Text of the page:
All you need to know about iPhone 6 “Touch Disease”

iPhone 6 has “Touch Disease”and Apple doesn’t give a two hoot about it

Apple’s iPhone 6 and 6 Plus are afflicted with a strange disease known as “touch disease,” where the iPhone freezes up and won’t respond to touch commands.

The issue was brought to the notice of Apple who apparently brushed it aside. Now Canadian iPhone 6 users have filed a class action lawsuit against Apple for doing little to address the device-debilitating “Touch Disease”.  A similar class-action lawsuit has been filed in the U.S., alleging the California-based tech giant knew about the defect and failed to take action.

The most Apple has done to address the “Touch Disease”  is to fix the phone for around $300, reports Patently Apple. Here are some facts you should know about the latest affliction to hit iPhone 6 and 6 Plus.

1. iPhone 6 and 6 Plus has a basic flaw in how the metal backing that holds touch IC chips to the motherboard :

iPhone 6 has a circuit board with two black boxes known as IC units. The lack of reinforcing material on the two IC units make the iPhone 6 very susceptible to Bendgate. The iPhone 6 Plus’s slim design and its wide surface area makes it especially bendable.

According to iFixit, these units connect to the motherboard through soldering connections with little balls. If those connections are broken, the Touch IC Chips can’t convert touch commands into language the machine can understand. Many devices use black glue that holds the chips in place.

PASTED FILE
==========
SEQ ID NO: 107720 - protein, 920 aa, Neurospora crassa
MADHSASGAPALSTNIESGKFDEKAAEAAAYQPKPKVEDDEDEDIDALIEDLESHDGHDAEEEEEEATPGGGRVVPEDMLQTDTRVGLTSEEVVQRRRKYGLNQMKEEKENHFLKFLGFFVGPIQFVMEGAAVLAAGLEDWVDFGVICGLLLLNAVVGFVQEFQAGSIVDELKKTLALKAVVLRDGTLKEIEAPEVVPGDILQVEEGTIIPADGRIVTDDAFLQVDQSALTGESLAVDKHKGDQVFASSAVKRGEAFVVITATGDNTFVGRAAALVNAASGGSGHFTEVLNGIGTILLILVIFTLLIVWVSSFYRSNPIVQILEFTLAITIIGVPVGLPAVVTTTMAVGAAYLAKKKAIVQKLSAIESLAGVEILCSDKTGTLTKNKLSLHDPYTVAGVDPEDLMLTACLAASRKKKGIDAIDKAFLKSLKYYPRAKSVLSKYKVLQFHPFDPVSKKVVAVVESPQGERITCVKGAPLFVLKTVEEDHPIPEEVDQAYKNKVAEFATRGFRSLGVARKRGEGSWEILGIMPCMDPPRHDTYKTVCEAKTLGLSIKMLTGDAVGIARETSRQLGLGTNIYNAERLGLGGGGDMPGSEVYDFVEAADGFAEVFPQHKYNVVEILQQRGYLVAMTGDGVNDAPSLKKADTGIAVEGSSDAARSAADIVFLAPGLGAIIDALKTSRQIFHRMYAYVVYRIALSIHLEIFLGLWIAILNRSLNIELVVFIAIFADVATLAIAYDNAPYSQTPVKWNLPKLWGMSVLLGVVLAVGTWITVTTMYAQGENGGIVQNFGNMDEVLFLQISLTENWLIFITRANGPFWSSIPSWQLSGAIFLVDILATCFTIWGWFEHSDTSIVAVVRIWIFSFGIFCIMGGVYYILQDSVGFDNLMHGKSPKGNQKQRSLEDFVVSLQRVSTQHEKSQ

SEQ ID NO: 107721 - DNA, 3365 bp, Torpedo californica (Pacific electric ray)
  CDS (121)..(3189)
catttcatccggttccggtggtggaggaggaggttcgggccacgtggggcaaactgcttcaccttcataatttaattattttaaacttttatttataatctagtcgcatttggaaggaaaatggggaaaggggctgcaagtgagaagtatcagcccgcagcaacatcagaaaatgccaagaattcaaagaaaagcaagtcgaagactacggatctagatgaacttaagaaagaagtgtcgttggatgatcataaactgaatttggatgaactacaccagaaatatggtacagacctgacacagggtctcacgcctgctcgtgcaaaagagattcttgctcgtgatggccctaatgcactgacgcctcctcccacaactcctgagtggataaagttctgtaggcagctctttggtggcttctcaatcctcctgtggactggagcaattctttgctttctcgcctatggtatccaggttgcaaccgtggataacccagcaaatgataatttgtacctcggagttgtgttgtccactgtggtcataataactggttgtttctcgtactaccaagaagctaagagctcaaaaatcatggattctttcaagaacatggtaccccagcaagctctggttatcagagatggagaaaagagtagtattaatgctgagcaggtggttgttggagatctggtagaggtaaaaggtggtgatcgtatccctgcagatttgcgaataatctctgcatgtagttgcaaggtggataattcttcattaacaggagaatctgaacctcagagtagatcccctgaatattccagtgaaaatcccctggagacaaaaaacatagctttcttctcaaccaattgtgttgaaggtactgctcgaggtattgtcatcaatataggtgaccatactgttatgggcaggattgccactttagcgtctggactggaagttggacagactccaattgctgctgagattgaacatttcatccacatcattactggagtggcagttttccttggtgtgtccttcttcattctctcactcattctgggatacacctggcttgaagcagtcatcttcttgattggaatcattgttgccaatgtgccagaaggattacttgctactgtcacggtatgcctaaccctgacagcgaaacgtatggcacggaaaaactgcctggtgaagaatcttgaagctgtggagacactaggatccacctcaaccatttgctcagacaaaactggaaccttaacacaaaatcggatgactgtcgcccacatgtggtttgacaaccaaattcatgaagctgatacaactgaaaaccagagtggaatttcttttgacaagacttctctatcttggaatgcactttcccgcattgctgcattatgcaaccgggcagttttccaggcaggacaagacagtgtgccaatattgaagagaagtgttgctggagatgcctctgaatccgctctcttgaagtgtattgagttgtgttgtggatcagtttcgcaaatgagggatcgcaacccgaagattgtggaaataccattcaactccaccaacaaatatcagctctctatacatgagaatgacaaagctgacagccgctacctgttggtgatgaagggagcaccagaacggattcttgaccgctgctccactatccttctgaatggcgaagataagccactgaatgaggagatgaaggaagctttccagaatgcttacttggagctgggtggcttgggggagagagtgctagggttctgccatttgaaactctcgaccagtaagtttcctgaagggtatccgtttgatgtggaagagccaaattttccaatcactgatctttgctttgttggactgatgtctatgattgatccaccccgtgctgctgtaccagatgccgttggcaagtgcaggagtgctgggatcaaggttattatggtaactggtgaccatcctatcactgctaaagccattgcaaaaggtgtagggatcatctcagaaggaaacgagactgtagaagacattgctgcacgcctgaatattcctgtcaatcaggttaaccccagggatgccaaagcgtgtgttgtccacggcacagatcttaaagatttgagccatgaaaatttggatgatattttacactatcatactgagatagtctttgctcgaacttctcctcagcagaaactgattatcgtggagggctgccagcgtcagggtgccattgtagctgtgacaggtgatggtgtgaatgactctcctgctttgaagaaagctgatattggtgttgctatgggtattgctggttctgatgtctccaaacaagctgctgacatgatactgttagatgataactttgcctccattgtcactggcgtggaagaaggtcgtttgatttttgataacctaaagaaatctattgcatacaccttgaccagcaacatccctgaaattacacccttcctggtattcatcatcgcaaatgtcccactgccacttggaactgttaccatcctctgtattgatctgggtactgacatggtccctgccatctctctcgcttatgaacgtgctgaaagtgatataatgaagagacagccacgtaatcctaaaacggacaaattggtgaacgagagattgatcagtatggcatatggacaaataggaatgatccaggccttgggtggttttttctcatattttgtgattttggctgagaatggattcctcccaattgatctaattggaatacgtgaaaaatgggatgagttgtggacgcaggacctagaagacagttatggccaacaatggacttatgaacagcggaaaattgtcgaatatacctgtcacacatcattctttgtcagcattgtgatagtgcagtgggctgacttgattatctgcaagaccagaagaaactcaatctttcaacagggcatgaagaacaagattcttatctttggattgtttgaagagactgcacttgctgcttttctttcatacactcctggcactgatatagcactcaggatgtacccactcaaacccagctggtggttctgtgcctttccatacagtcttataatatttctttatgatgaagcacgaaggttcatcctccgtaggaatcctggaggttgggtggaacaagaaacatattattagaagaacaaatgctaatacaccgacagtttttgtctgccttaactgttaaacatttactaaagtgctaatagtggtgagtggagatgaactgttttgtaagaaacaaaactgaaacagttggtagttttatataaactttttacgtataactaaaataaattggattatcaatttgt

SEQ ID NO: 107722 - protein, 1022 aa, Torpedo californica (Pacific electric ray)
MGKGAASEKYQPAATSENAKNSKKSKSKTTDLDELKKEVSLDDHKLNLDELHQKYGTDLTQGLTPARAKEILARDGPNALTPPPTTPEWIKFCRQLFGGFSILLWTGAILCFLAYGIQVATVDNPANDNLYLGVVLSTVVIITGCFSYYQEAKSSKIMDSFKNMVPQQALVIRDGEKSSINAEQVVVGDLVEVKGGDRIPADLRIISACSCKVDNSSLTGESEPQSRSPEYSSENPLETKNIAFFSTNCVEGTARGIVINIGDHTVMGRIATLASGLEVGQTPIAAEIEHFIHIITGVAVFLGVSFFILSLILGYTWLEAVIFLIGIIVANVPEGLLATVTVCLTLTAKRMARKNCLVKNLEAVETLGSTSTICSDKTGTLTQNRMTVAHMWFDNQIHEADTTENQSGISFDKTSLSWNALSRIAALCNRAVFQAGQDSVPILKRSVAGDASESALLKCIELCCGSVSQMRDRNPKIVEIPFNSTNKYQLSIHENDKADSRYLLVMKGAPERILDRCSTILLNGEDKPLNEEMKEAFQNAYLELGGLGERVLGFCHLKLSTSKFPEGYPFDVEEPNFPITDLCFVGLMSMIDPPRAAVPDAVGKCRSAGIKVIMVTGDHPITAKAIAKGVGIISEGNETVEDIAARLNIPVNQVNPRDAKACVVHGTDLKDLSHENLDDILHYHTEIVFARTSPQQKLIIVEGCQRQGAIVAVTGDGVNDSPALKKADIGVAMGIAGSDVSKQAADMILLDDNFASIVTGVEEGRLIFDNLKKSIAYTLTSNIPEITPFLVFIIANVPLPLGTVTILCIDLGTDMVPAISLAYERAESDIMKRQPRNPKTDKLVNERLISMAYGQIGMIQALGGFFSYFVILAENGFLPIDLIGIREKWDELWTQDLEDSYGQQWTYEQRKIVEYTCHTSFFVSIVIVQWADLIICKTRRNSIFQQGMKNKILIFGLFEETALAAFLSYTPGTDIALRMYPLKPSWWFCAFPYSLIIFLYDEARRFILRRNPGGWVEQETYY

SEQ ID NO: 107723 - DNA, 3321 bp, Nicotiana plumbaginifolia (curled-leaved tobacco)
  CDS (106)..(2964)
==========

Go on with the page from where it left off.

While previous iPhone models included a rigid metal backing as reinforcement for the IC units, the iPhone 6/6 Plus replaced it with a sticker shield, reports iFixit.

2. Apple hasn’t publicly acknowledged “Touch Disease”

Judging from the Apple support requests related to Touch Disease, employees are aware of the problem. However, some customers have complained that their pleas have fallen on deaf ears. Apple reps, known as Geniuses, cannot fix the phones themselves, and Apple won’t refer affected customers to independent repair shops.

Apple has gone a step further and shut down technicians who proposed taking affected devices to independent repair shops. According to IFixit, technician Jessa Jones and colleague Mark Schaffer were banned from Apple Support Communities after explaining the cause behind Touch Disease in a forum.

3. iPhone 6 and 6 Plus users from the United States and Canada have filed class-action lawsuits against Apple for “touch disease”

iPhone owners have filed a class action complaint with the US District Court for Northern California in August. The suit includes allegations of fraud and negligence, saying Apple didn’t offer any help beyond a fix that costs $300. The lawsuit says Apple should acknowledge the problem and recall or replace the phones.

Similarly, Canadian iPhone 6 user have also filed class action lawsuits over the phone defect. The plaintiff, Rae Wiegers, who called iPhone 6 a disease ridden device and ‘a piece of crap.’ She said she talked with a senior adviser “Dave” from Apple Support, who said there was no manufacturing problem with her phone. He signed off of the conversation with a smiley face.

4. You can get the “Touch Disease” repaired at independent shops for far less amount than Apple stores.

Many iPhone 6 users out of a warranty have turned to independent repair shops or found creative fixes on their own. According to ExtremeTech, some repair shops will fix the broken devices for $200. Technicians may use microsoldering tools to reconnect the ICs and even add a metal plate to prevent Touch Disease from reoccurring.

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